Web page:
|My name is Ashley Krege. I am 35 years old and I live in Houston, TX. I am also one of the thousands of Americans who took the world’s top-selling drug, Humira.
I took Humira to treat a chronic autoimmune condition called psoriasis, which causes pain and inflammation. After finally getting approval for the drug, I was told I would have to pay $753 a month. To say this was a financial hardship would be an understatement. The drug costs more than my car payment, my business insurance, and my food bill each month. But I made the decision to suck it up and pay because the drug worked.
After months of successful pain and symptom management on Humira, I was informed that the drug corporation, AbbVie, raised the price. My new monthly payment was going to be almost $1,100 a month. I simply could not afford it any longer. I had to make the difficult decision to wean myself off the drug that had provided me months of relief. It was already too expensive for me at $750 per month. I couldn’t afford the 40 percent price hike.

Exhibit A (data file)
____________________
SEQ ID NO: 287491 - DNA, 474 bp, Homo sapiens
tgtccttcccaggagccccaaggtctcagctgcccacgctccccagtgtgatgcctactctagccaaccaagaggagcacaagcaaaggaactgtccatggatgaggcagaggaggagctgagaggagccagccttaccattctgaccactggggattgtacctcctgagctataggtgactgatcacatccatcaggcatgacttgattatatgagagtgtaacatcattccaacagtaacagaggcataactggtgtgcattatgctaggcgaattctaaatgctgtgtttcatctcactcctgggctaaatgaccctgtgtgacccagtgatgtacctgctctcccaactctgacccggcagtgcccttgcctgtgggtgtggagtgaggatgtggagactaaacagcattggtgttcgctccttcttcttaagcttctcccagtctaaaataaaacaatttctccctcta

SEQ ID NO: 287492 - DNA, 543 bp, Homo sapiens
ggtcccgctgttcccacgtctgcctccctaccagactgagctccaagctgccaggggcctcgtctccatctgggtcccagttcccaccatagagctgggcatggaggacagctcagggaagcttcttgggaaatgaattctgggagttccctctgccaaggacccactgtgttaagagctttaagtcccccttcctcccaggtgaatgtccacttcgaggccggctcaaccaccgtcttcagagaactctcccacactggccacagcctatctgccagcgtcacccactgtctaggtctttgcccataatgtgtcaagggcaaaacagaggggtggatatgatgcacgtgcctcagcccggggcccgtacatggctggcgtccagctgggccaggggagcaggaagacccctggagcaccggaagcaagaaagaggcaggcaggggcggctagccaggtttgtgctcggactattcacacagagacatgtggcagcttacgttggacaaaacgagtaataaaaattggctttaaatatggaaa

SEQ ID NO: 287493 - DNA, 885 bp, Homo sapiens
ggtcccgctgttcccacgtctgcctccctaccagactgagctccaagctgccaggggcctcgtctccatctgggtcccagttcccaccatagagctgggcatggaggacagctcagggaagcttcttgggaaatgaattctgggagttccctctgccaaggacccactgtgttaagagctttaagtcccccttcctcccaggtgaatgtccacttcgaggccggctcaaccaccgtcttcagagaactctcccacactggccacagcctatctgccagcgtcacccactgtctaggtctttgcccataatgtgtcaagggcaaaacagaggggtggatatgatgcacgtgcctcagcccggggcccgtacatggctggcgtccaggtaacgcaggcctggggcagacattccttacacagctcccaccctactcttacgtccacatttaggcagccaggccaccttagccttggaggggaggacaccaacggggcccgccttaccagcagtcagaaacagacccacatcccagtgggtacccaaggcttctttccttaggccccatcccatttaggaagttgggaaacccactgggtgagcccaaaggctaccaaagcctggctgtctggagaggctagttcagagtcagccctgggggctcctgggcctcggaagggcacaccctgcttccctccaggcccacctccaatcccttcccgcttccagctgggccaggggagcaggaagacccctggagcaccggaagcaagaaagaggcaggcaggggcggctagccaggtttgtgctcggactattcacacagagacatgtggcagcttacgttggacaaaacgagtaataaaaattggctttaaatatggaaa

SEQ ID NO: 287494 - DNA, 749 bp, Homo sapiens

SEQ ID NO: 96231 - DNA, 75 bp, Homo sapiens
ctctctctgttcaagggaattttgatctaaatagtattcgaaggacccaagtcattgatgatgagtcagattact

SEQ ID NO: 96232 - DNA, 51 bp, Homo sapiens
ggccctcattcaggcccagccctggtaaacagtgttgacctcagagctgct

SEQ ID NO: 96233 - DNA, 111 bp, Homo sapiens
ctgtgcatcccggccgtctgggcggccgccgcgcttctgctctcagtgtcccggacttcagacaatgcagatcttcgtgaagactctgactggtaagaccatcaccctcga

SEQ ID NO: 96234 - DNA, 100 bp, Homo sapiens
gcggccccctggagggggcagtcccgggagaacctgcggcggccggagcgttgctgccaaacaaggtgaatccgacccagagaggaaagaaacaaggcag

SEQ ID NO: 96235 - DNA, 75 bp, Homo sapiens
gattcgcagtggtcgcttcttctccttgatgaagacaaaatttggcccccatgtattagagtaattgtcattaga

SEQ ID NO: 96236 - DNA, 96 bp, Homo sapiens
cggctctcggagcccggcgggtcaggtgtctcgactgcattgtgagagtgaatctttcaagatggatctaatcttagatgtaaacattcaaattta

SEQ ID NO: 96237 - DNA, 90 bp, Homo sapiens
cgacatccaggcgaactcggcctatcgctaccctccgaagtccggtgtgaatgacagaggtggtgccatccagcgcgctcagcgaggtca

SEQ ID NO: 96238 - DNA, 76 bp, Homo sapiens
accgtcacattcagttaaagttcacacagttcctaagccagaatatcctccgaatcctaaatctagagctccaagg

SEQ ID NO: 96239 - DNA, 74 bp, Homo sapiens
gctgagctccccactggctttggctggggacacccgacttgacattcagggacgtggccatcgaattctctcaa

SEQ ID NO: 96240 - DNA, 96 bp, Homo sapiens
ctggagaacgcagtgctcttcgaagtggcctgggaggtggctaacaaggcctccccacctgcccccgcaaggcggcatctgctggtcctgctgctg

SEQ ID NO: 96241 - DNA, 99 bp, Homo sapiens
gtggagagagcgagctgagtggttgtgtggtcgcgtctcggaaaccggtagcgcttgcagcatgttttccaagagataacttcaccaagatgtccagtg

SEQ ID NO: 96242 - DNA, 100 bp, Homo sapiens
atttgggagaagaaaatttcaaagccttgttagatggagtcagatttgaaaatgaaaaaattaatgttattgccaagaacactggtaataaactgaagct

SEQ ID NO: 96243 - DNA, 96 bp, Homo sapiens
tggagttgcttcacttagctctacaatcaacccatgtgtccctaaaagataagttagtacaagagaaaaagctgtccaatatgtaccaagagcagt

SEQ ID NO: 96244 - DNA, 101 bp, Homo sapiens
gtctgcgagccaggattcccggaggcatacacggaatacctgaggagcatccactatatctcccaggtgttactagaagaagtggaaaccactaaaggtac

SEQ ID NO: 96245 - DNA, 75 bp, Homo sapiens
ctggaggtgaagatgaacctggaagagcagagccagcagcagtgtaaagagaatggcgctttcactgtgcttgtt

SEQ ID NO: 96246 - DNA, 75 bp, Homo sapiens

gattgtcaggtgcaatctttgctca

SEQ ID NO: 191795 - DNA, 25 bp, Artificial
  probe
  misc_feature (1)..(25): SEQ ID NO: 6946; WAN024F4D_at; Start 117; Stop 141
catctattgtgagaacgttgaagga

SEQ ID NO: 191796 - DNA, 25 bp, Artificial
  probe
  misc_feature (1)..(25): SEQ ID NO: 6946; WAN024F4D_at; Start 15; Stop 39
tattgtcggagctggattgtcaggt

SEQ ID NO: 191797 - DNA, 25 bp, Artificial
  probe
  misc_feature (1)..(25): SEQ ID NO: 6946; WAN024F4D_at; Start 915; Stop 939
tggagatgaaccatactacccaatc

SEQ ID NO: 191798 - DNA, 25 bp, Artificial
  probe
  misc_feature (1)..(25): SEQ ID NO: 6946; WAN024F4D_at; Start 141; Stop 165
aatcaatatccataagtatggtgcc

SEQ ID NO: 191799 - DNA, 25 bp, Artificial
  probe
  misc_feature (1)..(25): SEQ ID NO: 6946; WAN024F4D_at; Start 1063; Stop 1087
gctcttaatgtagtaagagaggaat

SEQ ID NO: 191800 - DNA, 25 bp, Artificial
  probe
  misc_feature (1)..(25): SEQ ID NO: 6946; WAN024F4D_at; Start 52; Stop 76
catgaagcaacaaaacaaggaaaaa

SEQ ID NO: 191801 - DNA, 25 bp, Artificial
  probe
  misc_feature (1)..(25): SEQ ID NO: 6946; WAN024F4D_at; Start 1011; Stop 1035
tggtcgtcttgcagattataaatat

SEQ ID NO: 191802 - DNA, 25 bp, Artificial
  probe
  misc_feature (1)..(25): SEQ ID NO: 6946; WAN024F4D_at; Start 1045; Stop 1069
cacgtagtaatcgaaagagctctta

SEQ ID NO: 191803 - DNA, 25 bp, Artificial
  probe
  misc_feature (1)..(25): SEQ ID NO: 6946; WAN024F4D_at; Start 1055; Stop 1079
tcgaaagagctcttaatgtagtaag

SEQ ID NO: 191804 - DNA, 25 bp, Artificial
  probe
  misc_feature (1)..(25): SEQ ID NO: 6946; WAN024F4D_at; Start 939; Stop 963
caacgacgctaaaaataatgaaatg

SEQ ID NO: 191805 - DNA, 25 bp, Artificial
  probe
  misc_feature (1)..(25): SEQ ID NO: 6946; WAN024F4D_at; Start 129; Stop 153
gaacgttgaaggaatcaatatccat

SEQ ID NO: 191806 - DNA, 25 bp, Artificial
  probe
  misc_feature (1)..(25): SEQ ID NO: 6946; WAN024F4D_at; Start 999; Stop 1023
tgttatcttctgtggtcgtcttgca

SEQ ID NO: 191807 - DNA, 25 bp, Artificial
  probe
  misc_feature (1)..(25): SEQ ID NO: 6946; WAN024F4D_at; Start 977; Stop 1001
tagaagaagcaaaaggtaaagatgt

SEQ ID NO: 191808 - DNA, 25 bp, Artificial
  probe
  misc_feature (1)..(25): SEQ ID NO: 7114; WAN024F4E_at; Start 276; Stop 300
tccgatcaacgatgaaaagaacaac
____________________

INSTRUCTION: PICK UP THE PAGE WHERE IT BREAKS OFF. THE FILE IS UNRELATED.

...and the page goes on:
The drug Humira is far from new –– it’s been on the market since 2002. And the price has gone up nearly 400 percent — to $5,174 per month. AbbVie is making billions on the backs of patients: $20 billion alone in global sales last year all while AbbVie has done everything in its power to block competition and keep cheaper generics off the US market. They’ve struck deals with more than a dozen companies that tried to develop biosimilars. They’ve filed 247 patent applications in order to delay competition in the U.S. for decades.
Unfortunately, my experience with Humira is not the end of my story. I had a similar experience on Enbrel, and price hikes again led to unaffordability, and I stopped taking the drug.
As a result, my symptoms came back. To give you an idea of what a full-body psoriatic flare-up feels like: imagine getting a terrible sunburn, the kind that makes your entire body feverish. Then add falling into a bed of fire ants. That is what it feels like during a flare without medication.
Patients like me are desperate for relief from our high-cost prescription drugs, and lawmakers have the opportunity to advance legislation that curbs some of pharma’s most egregious practices. It’s time to act –– because patients like me can’t wait.